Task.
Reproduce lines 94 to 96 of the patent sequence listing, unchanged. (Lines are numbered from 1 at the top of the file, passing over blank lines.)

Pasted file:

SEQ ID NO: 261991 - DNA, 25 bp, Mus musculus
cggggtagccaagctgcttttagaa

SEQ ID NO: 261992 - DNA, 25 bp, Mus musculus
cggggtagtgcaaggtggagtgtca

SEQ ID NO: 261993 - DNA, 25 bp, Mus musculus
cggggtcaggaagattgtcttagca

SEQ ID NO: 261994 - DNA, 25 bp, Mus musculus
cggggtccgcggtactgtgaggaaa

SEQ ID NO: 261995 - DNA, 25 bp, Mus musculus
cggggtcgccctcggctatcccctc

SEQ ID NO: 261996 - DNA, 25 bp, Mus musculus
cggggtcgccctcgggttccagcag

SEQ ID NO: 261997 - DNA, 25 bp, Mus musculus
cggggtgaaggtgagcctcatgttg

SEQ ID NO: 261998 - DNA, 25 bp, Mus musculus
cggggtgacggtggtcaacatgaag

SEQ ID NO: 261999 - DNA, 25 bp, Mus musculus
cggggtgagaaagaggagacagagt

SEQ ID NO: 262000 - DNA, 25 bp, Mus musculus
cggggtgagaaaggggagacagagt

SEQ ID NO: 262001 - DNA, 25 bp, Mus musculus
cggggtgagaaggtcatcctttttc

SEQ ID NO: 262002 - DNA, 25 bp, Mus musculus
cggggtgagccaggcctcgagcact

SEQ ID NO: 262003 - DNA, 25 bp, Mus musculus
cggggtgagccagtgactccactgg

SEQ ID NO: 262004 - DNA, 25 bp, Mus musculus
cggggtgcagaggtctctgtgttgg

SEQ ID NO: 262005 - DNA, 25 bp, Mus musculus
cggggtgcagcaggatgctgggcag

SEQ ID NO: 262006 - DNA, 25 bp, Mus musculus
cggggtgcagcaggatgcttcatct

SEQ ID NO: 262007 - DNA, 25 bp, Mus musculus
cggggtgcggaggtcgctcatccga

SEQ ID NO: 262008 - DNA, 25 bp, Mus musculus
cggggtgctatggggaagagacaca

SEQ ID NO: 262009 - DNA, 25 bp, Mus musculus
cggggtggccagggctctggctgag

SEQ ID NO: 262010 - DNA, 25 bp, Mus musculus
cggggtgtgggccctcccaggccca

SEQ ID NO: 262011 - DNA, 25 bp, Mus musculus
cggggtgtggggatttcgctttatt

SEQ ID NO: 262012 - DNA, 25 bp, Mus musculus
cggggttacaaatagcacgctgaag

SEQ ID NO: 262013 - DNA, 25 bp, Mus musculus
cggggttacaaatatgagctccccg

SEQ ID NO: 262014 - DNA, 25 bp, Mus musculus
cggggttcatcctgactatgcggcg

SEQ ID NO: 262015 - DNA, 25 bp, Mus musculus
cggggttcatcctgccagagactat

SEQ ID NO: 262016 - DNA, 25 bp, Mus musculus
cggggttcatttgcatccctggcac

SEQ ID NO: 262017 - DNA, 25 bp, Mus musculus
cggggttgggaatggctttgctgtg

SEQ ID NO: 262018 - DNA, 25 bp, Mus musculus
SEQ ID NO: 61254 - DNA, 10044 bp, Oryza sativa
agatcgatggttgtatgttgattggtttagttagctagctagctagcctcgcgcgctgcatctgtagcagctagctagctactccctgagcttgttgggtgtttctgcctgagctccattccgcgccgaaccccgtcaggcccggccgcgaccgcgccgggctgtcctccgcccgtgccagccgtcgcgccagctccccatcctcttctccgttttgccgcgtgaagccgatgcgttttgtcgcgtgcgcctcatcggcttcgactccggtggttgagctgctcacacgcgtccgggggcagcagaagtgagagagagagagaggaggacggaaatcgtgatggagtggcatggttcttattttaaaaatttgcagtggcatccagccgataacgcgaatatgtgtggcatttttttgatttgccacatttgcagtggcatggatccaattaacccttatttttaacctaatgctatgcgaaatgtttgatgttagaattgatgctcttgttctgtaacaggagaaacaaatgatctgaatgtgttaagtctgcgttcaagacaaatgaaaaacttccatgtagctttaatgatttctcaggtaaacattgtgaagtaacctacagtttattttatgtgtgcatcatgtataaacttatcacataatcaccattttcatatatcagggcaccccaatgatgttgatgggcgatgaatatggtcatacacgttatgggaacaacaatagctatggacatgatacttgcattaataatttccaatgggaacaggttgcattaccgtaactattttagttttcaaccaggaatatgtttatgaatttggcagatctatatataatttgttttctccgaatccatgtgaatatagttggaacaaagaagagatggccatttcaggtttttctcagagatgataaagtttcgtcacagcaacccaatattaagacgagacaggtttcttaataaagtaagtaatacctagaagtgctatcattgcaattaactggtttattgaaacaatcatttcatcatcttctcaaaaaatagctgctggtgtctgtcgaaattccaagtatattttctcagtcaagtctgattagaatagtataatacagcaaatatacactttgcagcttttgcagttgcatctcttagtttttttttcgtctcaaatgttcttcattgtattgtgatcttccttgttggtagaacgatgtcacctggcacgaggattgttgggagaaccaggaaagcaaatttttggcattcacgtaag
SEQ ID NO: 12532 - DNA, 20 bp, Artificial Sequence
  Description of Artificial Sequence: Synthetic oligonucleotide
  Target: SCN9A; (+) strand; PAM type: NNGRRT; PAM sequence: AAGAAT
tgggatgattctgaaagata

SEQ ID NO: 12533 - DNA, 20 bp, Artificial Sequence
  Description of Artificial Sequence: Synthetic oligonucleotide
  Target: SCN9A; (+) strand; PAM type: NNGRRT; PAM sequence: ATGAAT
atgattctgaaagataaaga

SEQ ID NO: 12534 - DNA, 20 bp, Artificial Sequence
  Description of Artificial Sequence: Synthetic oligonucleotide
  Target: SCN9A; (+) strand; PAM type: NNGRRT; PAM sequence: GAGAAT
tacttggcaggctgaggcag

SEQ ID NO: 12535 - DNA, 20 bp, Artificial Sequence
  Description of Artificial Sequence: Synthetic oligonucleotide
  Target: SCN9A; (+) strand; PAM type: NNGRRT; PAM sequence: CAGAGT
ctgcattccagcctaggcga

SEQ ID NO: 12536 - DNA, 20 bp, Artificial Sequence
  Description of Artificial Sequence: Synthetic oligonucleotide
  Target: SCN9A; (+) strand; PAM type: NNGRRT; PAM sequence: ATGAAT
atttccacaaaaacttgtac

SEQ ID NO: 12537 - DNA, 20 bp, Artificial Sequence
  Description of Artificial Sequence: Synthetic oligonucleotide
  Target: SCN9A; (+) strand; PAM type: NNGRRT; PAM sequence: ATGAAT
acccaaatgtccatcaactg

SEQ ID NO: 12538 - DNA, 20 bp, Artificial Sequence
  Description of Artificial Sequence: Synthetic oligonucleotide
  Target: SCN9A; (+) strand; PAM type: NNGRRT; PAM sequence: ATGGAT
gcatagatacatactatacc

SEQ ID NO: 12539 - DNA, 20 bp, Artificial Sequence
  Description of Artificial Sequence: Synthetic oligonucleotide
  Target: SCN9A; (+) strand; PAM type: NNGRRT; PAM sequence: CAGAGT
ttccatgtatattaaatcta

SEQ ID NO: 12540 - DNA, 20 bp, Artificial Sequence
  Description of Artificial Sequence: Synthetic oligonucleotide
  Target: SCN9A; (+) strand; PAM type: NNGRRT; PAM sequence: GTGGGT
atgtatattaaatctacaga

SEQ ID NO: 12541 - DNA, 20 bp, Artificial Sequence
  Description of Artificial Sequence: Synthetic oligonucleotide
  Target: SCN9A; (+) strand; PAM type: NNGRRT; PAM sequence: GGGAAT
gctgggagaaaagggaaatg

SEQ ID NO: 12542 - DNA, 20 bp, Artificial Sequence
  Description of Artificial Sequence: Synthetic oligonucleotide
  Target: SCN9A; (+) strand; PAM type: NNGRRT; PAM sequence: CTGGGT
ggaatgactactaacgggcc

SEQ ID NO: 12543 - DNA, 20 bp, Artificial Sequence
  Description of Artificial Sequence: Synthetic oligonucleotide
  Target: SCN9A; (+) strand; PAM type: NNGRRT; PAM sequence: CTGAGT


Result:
SEQ ID NO: 12541 - DNA, 20 bp, Artificial Sequence
  Description of Artificial Sequence: Synthetic oligonucleotide
  Target: SCN9A; (+) strand; PAM type: NNGRRT; PAM sequence: GGGAAT